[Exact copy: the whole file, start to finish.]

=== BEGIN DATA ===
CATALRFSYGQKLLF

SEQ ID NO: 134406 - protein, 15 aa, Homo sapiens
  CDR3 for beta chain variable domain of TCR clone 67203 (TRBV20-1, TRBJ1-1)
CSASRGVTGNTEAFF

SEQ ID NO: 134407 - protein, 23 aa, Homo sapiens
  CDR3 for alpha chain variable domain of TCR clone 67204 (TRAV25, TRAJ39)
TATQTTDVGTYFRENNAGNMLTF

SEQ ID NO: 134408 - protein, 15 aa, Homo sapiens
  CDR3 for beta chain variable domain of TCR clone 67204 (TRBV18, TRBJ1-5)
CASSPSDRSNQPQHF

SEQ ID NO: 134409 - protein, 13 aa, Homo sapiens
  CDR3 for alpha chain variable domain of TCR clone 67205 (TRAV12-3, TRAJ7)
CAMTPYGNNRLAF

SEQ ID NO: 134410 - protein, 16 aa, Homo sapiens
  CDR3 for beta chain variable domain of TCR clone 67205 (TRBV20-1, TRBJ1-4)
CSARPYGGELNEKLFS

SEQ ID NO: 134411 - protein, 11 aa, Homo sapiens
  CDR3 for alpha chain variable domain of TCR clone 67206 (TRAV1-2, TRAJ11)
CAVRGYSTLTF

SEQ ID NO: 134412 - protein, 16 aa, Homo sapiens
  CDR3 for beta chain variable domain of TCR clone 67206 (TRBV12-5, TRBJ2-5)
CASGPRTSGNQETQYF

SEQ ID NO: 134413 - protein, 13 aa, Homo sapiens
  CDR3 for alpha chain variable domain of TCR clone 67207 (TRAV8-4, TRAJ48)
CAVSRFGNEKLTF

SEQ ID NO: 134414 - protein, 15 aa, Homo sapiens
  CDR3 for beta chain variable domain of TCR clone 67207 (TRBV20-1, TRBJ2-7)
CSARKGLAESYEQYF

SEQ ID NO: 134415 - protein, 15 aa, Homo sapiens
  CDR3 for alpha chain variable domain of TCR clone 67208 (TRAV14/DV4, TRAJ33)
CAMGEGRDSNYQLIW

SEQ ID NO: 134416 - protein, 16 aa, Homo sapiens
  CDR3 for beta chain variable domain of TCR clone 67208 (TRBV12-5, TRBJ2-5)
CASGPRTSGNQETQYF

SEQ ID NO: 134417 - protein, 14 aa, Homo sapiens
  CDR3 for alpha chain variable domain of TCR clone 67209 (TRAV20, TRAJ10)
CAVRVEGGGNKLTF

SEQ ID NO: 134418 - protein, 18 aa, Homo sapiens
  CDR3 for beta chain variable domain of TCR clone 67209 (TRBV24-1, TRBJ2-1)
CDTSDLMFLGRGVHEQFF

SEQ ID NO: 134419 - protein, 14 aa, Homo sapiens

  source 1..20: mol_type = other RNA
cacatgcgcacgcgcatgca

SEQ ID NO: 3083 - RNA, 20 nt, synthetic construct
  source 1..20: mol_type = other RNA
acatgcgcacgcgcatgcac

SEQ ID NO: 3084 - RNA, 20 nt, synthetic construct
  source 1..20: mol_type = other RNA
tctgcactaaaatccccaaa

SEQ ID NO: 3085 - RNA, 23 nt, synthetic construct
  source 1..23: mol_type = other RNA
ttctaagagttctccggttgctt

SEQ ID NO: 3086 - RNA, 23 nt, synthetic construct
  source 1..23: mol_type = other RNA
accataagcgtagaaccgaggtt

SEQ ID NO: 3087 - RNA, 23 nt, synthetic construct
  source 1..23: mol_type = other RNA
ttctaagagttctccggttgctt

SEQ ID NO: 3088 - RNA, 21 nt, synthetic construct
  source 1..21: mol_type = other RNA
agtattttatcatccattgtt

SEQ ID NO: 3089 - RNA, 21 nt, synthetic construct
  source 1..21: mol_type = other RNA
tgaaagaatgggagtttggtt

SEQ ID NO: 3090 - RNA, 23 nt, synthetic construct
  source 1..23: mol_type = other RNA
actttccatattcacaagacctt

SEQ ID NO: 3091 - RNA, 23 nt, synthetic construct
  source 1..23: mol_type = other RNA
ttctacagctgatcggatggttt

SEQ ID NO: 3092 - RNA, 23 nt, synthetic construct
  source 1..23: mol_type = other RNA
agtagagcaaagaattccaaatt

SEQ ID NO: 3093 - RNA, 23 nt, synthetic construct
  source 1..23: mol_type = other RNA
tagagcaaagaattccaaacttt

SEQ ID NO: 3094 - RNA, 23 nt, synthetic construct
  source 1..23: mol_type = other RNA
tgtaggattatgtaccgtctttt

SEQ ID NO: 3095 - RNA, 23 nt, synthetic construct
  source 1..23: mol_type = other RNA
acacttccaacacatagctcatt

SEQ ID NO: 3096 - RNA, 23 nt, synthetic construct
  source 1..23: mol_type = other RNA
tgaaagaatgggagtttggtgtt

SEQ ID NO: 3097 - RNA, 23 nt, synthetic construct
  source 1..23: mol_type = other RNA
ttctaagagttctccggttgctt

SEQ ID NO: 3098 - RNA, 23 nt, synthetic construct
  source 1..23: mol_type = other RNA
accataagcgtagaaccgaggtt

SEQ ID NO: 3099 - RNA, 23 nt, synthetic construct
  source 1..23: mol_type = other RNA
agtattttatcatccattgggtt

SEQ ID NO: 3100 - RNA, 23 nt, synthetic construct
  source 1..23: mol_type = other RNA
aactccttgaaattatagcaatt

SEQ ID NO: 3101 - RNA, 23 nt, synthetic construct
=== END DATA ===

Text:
CATALRFSYGQKLLF

SEQ ID NO: 134406 - protein, 15 aa, Homo sapiens
  CDR3 for beta chain variable domain of TCR clone 67203 (TRBV20-1, TRBJ1-1)
CSASRGVTGNTEAFF

SEQ ID NO: 134407 - protein, 23 aa, Homo sapiens
  CDR3 for alpha chain variable domain of TCR clone 67204 (TRAV25, TRAJ39)
TATQTTDVGTYFRENNAGNMLTF

SEQ ID NO: 134408 - protein, 15 aa, Homo sapiens
  CDR3 for beta chain variable domain of TCR clone 67204 (TRBV18, TRBJ1-5)
CASSPSDRSNQPQHF

SEQ ID NO: 134409 - protein, 13 aa, Homo sapiens
  CDR3 for alpha chain variable domain of TCR clone 67205 (TRAV12-3, TRAJ7)
CAMTPYGNNRLAF

SEQ ID NO: 134410 - protein, 16 aa, Homo sapiens
  CDR3 for beta chain variable domain of TCR clone 67205 (TRBV20-1, TRBJ1-4)
CSARPYGGELNEKLFS

SEQ ID NO: 134411 - protein, 11 aa, Homo sapiens
  CDR3 for alpha chain variable domain of TCR clone 67206 (TRAV1-2, TRAJ11)
CAVRGYSTLTF

SEQ ID NO: 134412 - protein, 16 aa, Homo sapiens
  CDR3 for beta chain variable domain of TCR clone 67206 (TRBV12-5, TRBJ2-5)
CASGPRTSGNQETQYF

SEQ ID NO: 134413 - protein, 13 aa, Homo sapiens
  CDR3 for alpha chain variable domain of TCR clone 67207 (TRAV8-4, TRAJ48)
CAVSRFGNEKLTF

SEQ ID NO: 134414 - protein, 15 aa, Homo sapiens
  CDR3 for beta chain variable domain of TCR clone 67207 (TRBV20-1, TRBJ2-7)
CSARKGLAESYEQYF

SEQ ID NO: 134415 - protein, 15 aa, Homo sapiens
  CDR3 for alpha chain variable domain of TCR clone 67208 (TRAV14/DV4, TRAJ33)
CAMGEGRDSNYQLIW

SEQ ID NO: 134416 - protein, 16 aa, Homo sapiens
  CDR3 for beta chain variable domain of TCR clone 67208 (TRBV12-5, TRBJ2-5)
CASGPRTSGNQETQYF

SEQ ID NO: 134417 - protein, 14 aa, Homo sapiens
  CDR3 for alpha chain variable domain of TCR clone 67209 (TRAV20, TRAJ10)
CAVRVEGGGNKLTF

SEQ ID NO: 134418 - protein, 18 aa, Homo sapiens
  CDR3 for beta chain variable domain of TCR clone 67209 (TRBV24-1, TRBJ2-1)
CDTSDLMFLGRGVHEQFF

SEQ ID NO: 134419 - protein, 14 aa, Homo sapiens

  source 1..20: mol_type = other RNA
cacatgcgcacgcgcatgca

SEQ ID NO: 3083 - RNA, 20 nt, synthetic construct
  source 1..20: mol_type = other RNA
acatgcgcacgcgcatgcac

SEQ ID NO: 3084 - RNA, 20 nt, synthetic construct
  source 1..20: mol_type = other RNA
tctgcactaaaatccccaaa

SEQ ID NO: 3085 - RNA, 23 nt, synthetic construct
  source 1..23: mol_type = other RNA
ttctaagagttctccggttgctt

SEQ ID NO: 3086 - RNA, 23 nt, synthetic construct
  source 1..23: mol_type = other RNA
accataagcgtagaaccgaggtt

SEQ ID NO: 3087 - RNA, 23 nt, synthetic construct
  source 1..23: mol_type = other RNA
ttctaagagttctccggttgctt

SEQ ID NO: 3088 - RNA, 21 nt, synthetic construct
  source 1..21: mol_type = other RNA
agtattttatcatccattgtt

SEQ ID NO: 3089 - RNA, 21 nt, synthetic construct
  source 1..21: mol_type = other RNA
tgaaagaatgggagtttggtt

SEQ ID NO: 3090 - RNA, 23 nt, synthetic construct
  source 1..23: mol_type = other RNA
actttccatattcacaagacctt

SEQ ID NO: 3091 - RNA, 23 nt, synthetic construct
  source 1..23: mol_type = other RNA
ttctacagctgatcggatggttt

SEQ ID NO: 3092 - RNA, 23 nt, synthetic construct
  source 1..23: mol_type = other RNA
agtagagcaaagaattccaaatt

SEQ ID NO: 3093 - RNA, 23 nt, synthetic construct
  source 1..23: mol_type = other RNA
tagagcaaagaattccaaacttt

SEQ ID NO: 3094 - RNA, 23 nt, synthetic construct
  source 1..23: mol_type = other RNA
tgtaggattatgtaccgtctttt

SEQ ID NO: 3095 - RNA, 23 nt, synthetic construct
  source 1..23: mol_type = other RNA
acacttccaacacatagctcatt

SEQ ID NO: 3096 - RNA, 23 nt, synthetic construct
  source 1..23: mol_type = other RNA
tgaaagaatgggagtttggtgtt

SEQ ID NO: 3097 - RNA, 23 nt, synthetic construct
  source 1..23: mol_type = other RNA
ttctaagagttctccggttgctt

SEQ ID NO: 3098 - RNA, 23 nt, synthetic construct
  source 1..23: mol_type = other RNA
accataagcgtagaaccgaggtt

SEQ ID NO: 3099 - RNA, 23 nt, synthetic construct
  source 1..23: mol_type = other RNA
agtattttatcatccattgggtt

SEQ ID NO: 3100 - RNA, 23 nt, synthetic construct
  source 1..23: mol_type = other RNA
aactccttgaaattatagcaatt

SEQ ID NO: 3101 - RNA, 23 nt, synthetic construct